For years, the black pudding and roti stall was on Thorpe Close, which you can see on the carnival map is between Westway and Tavistock Road. After trading at Thorpe Close for years, the pitch was moved to Cambridge Gardens, which Ann protested. Following this, they were continuously moved – which was just one of the reasons that Ann decided to stop trading in 2014. In response to these forced relocations, Ann’s children, who she describes as ‘growing up’ at carnival, would stand at the old pitch on Thorpe Close and send customers, who were insearch of Ann’s famous black pudding and roti to the new spot. Growing up in Grenada, one of the closest islands to Trinidad – the home of carnival – this culture was part of Ann’s upbringing and heritage, so trading at Notting Hill created a ‘feeling of nostalgia’, it was ‘something that I yearned to hear and to be part of.’ Ann is still a part of Notting Hill, she cooks food for Mas Bands – groups that wear matching costumes and parade through the carnival.2 Driving down early in the morning, she hangs around for a few hours to ‘get a feel, a smell and a taste of what’s going on.’
In crediting the various influences that have shaped her approach to cooking, Ann explains how she authentically navigates the multiple communities and cuisines that make up the Caribbean. Both the settings and flavours of Ann’s food reflect the important relationship between food, diplomacy and celebration. As we can see from her eclectic catering repertoire and the recipes she has generously shared, the tastes of Ann’s childhood continue to shape her cooking and business. Why not try making Ann’s Saltfish Souse at home, or if all the talk of blood sausage is making you feel uneasy why not try Rosamund Grant’s inventive recipe for ‘Vegetarian Black Pudding!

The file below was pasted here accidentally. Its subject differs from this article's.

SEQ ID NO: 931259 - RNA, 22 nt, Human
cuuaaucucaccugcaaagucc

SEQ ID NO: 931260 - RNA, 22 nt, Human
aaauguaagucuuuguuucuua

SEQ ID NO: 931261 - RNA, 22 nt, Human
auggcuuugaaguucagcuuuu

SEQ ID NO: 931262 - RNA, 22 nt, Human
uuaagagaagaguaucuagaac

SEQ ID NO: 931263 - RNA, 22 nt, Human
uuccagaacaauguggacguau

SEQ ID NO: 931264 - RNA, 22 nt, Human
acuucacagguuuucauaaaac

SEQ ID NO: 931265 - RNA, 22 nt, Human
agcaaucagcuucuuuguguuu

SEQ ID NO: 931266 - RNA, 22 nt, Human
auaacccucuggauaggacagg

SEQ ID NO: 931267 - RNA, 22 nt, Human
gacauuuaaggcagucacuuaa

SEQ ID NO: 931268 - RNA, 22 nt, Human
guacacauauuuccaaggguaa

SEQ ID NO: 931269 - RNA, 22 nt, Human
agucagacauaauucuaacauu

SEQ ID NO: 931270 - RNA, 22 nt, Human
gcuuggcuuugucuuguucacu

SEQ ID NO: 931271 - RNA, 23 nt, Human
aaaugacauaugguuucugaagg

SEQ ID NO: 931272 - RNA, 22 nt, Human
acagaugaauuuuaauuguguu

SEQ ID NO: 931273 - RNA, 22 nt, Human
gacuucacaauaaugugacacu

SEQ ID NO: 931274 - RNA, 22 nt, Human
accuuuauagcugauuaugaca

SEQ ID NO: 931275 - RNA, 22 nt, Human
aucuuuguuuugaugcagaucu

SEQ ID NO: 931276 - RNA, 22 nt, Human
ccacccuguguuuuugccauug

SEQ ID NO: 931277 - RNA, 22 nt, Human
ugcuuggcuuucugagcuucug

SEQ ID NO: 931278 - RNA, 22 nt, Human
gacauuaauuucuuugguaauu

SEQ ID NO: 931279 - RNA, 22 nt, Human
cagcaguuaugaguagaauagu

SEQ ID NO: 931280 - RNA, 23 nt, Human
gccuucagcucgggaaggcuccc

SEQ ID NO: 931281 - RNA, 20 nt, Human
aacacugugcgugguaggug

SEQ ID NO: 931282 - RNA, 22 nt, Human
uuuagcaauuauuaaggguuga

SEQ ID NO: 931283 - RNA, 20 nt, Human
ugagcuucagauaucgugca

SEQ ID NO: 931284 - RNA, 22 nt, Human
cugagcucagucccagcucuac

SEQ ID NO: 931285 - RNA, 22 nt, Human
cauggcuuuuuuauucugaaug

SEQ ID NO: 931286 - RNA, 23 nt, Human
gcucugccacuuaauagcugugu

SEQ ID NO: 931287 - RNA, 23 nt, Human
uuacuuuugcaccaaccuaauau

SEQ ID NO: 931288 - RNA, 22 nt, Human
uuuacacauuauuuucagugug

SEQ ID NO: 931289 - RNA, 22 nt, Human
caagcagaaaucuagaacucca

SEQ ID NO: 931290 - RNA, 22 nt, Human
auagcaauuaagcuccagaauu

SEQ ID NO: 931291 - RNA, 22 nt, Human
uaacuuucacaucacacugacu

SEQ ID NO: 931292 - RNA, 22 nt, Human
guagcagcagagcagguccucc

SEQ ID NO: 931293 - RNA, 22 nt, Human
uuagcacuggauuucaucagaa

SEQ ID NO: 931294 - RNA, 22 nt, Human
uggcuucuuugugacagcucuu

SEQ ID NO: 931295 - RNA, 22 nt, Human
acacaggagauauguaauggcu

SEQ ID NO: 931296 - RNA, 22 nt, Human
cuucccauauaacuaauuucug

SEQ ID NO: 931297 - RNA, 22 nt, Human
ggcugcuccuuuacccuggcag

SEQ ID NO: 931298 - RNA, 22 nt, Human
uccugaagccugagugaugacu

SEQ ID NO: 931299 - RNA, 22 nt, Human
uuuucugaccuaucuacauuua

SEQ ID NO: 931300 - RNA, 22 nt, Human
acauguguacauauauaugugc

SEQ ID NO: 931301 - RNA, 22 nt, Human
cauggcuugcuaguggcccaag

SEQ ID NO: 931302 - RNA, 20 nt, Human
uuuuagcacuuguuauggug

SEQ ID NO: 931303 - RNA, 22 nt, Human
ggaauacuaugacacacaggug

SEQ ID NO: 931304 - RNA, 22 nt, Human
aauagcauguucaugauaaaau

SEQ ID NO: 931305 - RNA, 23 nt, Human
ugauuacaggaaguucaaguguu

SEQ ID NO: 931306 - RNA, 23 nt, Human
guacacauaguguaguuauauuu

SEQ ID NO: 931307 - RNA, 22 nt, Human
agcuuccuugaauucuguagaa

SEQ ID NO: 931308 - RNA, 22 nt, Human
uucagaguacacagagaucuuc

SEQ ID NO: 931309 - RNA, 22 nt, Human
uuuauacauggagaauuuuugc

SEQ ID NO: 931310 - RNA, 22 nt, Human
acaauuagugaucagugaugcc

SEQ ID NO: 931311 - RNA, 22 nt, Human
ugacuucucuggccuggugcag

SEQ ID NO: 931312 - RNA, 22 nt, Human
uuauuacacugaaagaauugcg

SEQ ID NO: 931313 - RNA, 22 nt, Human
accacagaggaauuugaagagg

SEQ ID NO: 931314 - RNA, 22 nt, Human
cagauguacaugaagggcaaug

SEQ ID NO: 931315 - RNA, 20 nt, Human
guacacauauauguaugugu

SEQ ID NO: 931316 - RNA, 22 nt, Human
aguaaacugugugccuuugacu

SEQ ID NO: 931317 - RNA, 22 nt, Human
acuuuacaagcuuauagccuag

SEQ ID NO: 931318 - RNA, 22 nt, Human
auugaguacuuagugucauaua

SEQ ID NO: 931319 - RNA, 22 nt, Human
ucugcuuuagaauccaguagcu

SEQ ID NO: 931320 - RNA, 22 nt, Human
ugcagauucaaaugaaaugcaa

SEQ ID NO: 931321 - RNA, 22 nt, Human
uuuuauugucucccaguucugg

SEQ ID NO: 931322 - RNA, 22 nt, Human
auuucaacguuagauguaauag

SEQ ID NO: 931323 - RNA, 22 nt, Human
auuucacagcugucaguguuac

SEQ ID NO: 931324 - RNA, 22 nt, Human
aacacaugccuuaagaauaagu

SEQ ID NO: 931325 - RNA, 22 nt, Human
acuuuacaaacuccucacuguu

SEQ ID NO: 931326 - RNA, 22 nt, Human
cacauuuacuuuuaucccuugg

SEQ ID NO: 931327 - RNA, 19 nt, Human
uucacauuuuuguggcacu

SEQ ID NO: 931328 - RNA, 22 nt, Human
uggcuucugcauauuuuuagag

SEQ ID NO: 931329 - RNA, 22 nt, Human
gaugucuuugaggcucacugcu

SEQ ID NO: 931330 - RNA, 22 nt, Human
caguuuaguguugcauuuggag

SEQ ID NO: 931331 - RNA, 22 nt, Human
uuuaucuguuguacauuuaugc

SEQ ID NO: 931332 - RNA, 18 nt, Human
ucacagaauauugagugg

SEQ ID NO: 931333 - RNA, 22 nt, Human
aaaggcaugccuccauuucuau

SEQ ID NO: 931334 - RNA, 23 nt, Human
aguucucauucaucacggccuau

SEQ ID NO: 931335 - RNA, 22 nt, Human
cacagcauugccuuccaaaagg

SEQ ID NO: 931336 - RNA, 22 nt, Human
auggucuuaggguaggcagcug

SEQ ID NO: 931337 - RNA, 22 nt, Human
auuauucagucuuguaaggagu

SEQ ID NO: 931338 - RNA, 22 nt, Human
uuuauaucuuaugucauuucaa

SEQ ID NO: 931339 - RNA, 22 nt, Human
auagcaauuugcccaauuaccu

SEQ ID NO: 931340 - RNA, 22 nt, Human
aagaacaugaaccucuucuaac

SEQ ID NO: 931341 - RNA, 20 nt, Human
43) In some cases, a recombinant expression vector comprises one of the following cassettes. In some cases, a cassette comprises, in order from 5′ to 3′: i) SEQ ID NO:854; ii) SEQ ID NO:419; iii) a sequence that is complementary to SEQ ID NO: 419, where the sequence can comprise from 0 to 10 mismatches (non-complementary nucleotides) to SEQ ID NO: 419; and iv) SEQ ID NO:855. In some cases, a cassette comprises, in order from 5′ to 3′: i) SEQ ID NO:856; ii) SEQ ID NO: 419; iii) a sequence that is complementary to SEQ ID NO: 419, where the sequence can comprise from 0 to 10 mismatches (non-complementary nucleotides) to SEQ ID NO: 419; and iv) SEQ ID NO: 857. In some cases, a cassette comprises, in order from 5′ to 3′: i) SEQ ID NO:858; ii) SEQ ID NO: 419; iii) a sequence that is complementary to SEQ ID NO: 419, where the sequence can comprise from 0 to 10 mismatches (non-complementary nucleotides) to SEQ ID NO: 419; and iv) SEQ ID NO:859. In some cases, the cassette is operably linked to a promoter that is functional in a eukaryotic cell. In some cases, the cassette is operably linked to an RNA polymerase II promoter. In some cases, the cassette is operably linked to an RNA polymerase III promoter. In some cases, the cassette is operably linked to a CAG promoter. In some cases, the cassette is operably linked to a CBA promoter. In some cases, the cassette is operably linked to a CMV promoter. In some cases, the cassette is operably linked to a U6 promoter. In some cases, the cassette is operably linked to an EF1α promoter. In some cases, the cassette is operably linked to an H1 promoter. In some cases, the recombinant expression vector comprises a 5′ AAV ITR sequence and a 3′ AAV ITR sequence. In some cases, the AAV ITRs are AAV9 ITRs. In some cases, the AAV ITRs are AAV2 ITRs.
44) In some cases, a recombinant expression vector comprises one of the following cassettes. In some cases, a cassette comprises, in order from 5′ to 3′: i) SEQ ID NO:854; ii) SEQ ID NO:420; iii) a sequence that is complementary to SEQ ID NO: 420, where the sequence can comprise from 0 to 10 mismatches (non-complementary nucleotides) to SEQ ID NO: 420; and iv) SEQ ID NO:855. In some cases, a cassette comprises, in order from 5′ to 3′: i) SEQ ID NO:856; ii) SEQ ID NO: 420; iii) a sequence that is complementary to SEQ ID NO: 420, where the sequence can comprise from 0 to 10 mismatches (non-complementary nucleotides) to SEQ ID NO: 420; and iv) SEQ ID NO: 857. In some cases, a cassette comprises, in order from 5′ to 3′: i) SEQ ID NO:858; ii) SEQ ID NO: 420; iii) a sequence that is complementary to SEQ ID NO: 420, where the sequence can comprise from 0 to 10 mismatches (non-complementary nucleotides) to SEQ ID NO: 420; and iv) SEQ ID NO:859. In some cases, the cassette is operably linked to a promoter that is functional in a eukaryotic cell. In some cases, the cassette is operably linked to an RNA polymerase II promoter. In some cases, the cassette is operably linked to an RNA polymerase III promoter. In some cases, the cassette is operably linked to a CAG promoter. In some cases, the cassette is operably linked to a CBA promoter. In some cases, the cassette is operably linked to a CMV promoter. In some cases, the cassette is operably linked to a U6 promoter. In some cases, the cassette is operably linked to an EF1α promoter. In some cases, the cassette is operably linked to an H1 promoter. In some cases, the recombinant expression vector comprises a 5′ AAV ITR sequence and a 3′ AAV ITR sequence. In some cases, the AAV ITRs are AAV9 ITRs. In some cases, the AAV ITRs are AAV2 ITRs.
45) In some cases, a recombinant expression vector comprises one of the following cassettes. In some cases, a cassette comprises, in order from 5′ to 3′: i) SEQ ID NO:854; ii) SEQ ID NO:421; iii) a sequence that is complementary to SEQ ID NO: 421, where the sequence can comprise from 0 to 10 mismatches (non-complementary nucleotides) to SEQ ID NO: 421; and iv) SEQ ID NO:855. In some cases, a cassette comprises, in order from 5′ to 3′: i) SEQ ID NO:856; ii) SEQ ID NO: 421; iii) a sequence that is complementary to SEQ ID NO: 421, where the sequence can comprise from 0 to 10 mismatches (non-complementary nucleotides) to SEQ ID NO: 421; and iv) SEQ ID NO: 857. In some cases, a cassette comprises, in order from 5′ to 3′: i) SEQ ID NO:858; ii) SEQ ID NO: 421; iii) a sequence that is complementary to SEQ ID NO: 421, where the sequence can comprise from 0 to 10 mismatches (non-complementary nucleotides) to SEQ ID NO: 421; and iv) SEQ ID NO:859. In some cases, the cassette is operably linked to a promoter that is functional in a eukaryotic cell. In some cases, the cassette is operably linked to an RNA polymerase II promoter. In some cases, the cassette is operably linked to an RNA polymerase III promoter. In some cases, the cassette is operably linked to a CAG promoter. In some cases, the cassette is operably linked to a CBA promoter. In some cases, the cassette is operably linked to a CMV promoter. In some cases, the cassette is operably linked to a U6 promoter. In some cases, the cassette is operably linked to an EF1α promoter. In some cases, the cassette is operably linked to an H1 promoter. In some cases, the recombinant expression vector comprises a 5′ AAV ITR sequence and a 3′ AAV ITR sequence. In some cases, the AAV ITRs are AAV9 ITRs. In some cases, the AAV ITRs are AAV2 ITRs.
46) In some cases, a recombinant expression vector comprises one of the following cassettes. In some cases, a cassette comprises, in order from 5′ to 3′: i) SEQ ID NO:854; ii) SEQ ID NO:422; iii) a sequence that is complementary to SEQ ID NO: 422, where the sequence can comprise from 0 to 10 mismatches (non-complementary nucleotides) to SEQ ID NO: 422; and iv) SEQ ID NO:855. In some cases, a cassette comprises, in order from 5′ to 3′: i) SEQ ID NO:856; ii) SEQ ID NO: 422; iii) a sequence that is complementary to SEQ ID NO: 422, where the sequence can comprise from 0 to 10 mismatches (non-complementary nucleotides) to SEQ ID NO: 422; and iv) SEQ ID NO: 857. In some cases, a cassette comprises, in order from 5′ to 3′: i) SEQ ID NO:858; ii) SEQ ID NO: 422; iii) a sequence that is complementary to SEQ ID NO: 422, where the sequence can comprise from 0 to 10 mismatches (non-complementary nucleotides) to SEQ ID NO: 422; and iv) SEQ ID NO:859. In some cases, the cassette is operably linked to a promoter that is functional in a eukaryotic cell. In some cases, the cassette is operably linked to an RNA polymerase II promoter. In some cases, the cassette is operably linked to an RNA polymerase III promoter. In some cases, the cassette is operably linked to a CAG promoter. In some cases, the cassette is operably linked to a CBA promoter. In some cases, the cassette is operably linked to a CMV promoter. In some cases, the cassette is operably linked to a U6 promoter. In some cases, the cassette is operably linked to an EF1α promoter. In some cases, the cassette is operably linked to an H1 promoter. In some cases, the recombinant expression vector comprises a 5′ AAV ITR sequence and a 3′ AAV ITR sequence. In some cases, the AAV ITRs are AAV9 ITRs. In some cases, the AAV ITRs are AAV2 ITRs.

Thank you Ann Husbands for sharing your memories and thoughts with me.
Naomi Oppenheim is the project lead on Caribbean Foodways in her role as the Caribbean Collections and Community Engagement Intern at the Eccles Centre for American Studies at the British Library @naomioppenheim
Read the second blog in the Caribbean Foodways series here - Joe Williams: 'the need for flavour'
References / further reading
- Andy Bull, ‘London 2012: Kirani James wins Grenada’s first Olympic gold medal’, Guardian, 7 August 2012
- Ann Husbands interviewed by Naomi Oppenheim, Caribbean Foodways Interview, March 2021 (uncatalogued)
- Kwesi Owusu and Jacob Ross, Behind the Masquerade: the Story of Notting Hiss Carnival, photographs by David A. Bailey, Jacob Ross and Ian Watts (Edgeware: Arts Media Group, 1988) British Library Shelfmark YC.1989.b.671
- ‘Mas Bands’, Notting Hill Carnival
- Michael La Rose, MAS in Notting Hill: Documents in the Struggle for a Representative and Democratic Carnival in 1989/90 (London: New Beacon in association with Peoples War Carnival Band, 1990) British Library Shelfmark YK.1991.a.8850
- Notting Hill Carnival Magazine and Programme, 1985 British Library Shelfmark P.525/715
- Notting Hill Carnival Magazine and Programme, 1986 British Library Shelfmark P.525/715
- Rosamund Grant, Caribbean and African Cookery (London: Virago, 1989) British Library Shelfmark YK.1989.a.5313
1. Andy Bull, ‘London 2012: Kirani James wins Grenada’s first Olympic gold medal’, Guardian, 7 August 2012
2. ‘Mas Bands’, Notting Hill Carnival